Today Al Dhafra is home to around 90% of Abu Dhabi’s known oil and gas reserves, while around 90% of the UAE’s total reserves are located in Abu Dhabi. ADNOC is responsible for Abu Dhabi’s hydrocarbons reserves, and as such plays a major role in managing Al Dhafra’s oil and gas-based growth. The company currently produces over 3.15m barrels per day (bpd) of oil, and over 9.8bn cu feet of raw gas per day through its various partnerships and subsidiaries.

Under the recently approved five-year business plan and budget and its 2030 Strategy, ADNOC has outlined expansion plans which include hitting a production target of 3.5m bpd in 2018. A stronger focus on the application of new and innovative technologies is also envisioned, with enhanced oil recovery techniques and significant development of the emirate’s sour gas resources on the cards. In November 2016 ADNOC unveiled its new Gas Master Plan as it works to meet the emirate’s demand for natural gas, which has been increasing at a rate of 15% per annum in recent years. The plan aims to ensure “a sustainable and economic supply of gas to meet the growing energy requirements of Abu Dhabi and ADNOC’s international customers” (see Energy chapter).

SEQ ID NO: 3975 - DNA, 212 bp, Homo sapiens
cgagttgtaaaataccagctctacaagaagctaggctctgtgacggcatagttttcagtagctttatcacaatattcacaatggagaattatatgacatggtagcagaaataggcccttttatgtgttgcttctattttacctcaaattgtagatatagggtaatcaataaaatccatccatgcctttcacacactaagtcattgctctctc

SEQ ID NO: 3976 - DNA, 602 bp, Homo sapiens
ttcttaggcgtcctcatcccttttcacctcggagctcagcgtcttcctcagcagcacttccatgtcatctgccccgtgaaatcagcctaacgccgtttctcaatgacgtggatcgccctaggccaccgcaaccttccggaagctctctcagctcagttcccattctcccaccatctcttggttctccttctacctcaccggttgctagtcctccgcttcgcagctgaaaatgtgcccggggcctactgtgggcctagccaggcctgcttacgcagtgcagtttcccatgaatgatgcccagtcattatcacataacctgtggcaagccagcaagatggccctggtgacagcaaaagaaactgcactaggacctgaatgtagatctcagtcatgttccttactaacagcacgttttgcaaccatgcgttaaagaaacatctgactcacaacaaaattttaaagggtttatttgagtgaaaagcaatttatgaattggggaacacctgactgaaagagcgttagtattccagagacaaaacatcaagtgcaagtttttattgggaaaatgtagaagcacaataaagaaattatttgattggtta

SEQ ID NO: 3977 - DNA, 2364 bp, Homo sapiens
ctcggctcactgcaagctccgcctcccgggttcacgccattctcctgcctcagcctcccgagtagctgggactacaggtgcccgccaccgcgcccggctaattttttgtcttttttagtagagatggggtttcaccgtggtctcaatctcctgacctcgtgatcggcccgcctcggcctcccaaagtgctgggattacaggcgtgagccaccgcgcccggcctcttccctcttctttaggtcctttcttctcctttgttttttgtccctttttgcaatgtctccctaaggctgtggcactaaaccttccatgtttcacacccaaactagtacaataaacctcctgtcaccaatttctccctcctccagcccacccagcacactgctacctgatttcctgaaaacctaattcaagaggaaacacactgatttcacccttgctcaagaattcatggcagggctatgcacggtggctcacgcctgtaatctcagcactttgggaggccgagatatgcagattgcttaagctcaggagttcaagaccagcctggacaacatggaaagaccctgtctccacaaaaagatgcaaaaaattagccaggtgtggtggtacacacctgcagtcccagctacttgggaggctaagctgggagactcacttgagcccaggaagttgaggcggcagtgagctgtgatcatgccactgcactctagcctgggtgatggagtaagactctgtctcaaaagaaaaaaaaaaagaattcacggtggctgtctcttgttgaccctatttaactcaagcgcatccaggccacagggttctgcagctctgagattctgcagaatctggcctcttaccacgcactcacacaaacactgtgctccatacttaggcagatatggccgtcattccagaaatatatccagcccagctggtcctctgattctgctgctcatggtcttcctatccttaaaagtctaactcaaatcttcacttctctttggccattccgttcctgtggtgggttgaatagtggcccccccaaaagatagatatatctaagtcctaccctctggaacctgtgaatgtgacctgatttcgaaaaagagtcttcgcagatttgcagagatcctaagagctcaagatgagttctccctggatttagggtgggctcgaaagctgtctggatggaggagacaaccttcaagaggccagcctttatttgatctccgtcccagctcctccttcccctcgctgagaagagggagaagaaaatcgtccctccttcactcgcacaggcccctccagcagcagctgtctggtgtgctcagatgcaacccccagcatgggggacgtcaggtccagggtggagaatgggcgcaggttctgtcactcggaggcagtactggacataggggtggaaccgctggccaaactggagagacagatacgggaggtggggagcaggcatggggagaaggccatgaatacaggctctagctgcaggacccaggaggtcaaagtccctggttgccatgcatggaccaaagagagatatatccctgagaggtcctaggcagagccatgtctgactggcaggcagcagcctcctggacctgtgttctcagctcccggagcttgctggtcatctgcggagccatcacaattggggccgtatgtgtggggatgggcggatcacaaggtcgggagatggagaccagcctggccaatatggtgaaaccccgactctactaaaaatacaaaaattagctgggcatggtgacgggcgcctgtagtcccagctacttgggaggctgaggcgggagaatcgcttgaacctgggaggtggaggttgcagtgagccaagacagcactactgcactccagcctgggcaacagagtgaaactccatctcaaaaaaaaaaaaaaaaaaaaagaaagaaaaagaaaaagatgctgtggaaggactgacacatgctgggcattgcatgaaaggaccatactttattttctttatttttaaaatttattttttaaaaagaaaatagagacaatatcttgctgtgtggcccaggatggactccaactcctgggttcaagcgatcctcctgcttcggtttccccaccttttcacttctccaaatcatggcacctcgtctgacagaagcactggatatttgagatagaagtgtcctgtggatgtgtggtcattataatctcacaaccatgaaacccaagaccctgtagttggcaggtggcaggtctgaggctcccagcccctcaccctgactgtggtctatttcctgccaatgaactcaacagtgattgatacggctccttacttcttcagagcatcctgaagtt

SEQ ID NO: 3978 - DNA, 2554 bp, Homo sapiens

In line with this, it was announced in November 2016 that Al Hosn’s landmark, the $10bn Shah Gas Development project near Liwa in the south-east of the Al Dhafra region, would be expanding its sour gas processing capacity by 50%. Al Hosn, which is 60% owned by ADNOC and 40% owned by Occidental Petroleum, started production at the Shah gas field in January 2015, with the plant going on to reach full capacity of 1bn standard cu feet of sour gas per day in October of that year. The plant was officially inaugurated by Sheikh Mohamed bin Zayed Al Nahyan, crown prince of Abu Dhabi and the deputy supreme commander of the UAE armed forces, in April 2016.

The Shah gas development – considered the largest of its kind in the world – produces 500m cu feet of network gas, 4400 tonnes of natural gas liquid and 33,000 barrels of petroleum condensates daily. It also has a daily output of around 9000 tonnes of pure granulated sulphur, all of which is transported to Ruwais Port along the first phase of the Etihad Rail project.